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5 Popular Beer Cocktails for Summer

BY: DAN DELAGRANGE | 8.22.2017 |

I've always been a beer guy. It's the everyman's drink, it's easy to understand, it tastes good, and as far as summer drinks go, it doesn't get much more refreshing. That's part of why I've been hesitant to warm up to cocktails as I've gotten older. Don't get me wrong—I really like the good ones, but I'm usually comically lost when reading a cocktail's list of ingredients on a menu. More often than not, I cling to one or two things I know I like and hope for the best.

So, in summer's glorious patio and day-drinking weather, what does a beer lover like me do to bridge the divide between the old standby and the foreign world of mixed drinks? Start with beer cocktails. As Brandon Phillips, master bartender at Chicago's Otto Mezzo and The Duck Inn, told me, they're easier to whip up at home than you might think. Along with boiling down Brandon's tips into five characteristics that make up a great beer cocktail, I've included recipes for drinks that can easily be made at home—no bartending experience required.

Tip #1: A good beer cocktail doesn't require much, but you can't go wrong with bitters.

When making your own beer cocktails, the good news is that there's a decent chance you already own just about everything you need. In fact, some beer cocktails are as simple as pouring one drink into another. "[For] a really delicious, three-ingredient daquiri, you don't need a blender like with a real daquiri. That poured into a hefeweizen would be spectacular," Brandon says.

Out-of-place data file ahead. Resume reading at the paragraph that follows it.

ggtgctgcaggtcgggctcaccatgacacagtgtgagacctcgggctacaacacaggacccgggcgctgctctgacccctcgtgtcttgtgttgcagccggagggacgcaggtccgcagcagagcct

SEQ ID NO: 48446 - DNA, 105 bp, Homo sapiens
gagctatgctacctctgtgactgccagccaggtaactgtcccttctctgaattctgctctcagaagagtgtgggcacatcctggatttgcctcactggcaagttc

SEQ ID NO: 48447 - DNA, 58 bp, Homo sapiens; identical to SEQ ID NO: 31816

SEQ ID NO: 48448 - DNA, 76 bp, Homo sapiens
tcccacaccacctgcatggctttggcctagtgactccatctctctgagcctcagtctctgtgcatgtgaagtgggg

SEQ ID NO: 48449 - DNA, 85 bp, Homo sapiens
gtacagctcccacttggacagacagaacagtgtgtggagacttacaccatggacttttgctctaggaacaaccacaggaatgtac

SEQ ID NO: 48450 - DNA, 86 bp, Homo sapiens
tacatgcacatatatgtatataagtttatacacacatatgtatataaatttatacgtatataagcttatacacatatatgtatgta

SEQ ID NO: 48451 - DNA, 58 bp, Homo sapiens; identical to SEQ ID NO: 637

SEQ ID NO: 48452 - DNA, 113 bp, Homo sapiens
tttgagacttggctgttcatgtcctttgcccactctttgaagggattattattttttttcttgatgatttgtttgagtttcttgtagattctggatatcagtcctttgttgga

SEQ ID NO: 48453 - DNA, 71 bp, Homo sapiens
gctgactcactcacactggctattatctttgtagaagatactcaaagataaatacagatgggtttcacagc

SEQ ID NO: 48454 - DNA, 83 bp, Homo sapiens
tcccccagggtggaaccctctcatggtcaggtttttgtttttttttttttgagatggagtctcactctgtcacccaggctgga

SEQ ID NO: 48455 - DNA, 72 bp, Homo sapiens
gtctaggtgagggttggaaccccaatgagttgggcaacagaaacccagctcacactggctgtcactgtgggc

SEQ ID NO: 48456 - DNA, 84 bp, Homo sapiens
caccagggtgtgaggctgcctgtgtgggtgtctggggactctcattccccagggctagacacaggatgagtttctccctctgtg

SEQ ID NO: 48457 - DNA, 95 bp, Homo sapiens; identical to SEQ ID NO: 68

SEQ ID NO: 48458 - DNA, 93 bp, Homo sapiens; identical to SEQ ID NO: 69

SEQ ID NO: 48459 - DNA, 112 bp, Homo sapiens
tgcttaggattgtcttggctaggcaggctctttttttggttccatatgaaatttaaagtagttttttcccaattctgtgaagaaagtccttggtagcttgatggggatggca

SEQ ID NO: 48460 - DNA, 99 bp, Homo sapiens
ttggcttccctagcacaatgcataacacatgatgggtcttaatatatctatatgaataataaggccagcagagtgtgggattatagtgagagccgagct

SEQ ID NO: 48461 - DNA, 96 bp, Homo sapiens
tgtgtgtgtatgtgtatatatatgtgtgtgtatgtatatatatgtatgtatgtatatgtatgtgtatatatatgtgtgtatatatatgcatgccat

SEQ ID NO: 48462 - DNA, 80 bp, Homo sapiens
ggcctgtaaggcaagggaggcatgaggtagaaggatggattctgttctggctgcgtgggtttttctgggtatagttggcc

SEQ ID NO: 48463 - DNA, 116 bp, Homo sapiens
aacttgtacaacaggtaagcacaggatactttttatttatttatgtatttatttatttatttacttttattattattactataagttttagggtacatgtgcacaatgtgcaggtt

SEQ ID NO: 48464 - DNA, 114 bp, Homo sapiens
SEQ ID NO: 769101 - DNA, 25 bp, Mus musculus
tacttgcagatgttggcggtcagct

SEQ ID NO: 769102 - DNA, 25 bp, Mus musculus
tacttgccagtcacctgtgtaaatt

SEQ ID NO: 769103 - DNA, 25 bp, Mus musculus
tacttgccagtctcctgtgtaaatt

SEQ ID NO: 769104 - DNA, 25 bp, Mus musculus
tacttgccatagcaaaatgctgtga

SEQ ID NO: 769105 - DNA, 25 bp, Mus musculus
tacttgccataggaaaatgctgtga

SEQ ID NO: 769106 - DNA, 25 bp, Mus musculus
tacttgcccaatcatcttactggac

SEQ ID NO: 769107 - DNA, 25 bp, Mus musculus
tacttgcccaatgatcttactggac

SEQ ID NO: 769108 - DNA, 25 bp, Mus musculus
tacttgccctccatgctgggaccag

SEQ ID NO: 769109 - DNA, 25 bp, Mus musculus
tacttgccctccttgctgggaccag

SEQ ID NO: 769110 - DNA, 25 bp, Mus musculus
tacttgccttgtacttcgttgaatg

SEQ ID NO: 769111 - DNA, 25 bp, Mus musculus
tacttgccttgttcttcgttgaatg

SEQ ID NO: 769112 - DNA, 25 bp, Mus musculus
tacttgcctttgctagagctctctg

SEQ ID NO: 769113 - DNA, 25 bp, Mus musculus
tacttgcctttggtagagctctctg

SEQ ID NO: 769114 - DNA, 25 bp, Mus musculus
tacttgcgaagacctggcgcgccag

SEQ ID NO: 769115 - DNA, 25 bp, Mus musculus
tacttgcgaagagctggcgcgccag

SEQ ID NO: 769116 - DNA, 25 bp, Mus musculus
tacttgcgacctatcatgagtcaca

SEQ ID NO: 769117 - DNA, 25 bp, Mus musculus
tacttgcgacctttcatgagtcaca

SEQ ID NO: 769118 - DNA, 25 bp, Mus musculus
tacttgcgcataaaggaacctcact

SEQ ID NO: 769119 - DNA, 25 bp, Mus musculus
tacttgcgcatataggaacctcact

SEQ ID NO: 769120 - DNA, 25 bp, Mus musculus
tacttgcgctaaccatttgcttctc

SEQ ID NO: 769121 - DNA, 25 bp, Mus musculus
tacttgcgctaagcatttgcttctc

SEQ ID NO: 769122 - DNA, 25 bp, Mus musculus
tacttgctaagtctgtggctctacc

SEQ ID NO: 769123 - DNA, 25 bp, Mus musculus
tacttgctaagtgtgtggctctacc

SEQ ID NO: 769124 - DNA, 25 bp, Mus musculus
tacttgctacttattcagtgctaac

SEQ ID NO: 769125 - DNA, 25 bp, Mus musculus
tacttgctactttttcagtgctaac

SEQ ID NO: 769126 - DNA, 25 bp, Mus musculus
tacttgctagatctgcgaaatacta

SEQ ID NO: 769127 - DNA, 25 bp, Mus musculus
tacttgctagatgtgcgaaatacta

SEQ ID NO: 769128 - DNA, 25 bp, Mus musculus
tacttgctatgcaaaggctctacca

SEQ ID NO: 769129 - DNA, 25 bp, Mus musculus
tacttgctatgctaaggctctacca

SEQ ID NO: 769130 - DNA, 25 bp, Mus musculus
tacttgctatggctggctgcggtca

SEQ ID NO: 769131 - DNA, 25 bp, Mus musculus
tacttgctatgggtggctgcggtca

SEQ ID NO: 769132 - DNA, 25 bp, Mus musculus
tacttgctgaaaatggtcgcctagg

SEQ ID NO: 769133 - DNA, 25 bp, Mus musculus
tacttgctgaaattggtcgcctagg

One thing you will need, though? Bitters. These potent extracts added by the drop to cocktails can go a long way toward making liquor and beer mesh into something delicious, according to Brandon. "As with most cocktails, bitters are kind of that great bridging ingredient ... finding a bitters that mimic the path you're going or bridges those two flavors is really your best bet."

Drink #1: Beer Mimosa with Orange Bitters

You might not always have bubbly stocked in the fridge, but beer and OJ are pretty ordinary commodities. Swap out the champagne for a wheat beer, which will make a harmonious blend with the juice and dashes of bitters.

  • 12 oz. hefeweizen or wheat beer, such as Blue Moon
  • 4–6 oz. orange juice
  • 2–3 drops of orange bitters

Simply pour the beer and orange juice into a pint glass, then finish it off with a couple drops of bitters on top and stir.

Tip #2: Nothing's off-limits, but follow your gut.

More good news for the at-home beer-cocktail artist? You can feel free to experiment. "I'm not a believer in no-nos," Brandon says before adding the simple caution to follow your instinct when putting a drink together. "What I think generally works well is if it just generally makes sense to you, it usually works." So if you're intrigued by the idea of what a mai tai with a splash of IPA might taste like, go for it.

Drink #2: IPA Mai Tai

A classic, easy-drinking tiki cocktail, the mai tai's focus on lime, orange, and other citruses makes it a perfect match for an IPA's crisp taste and hints of fruit.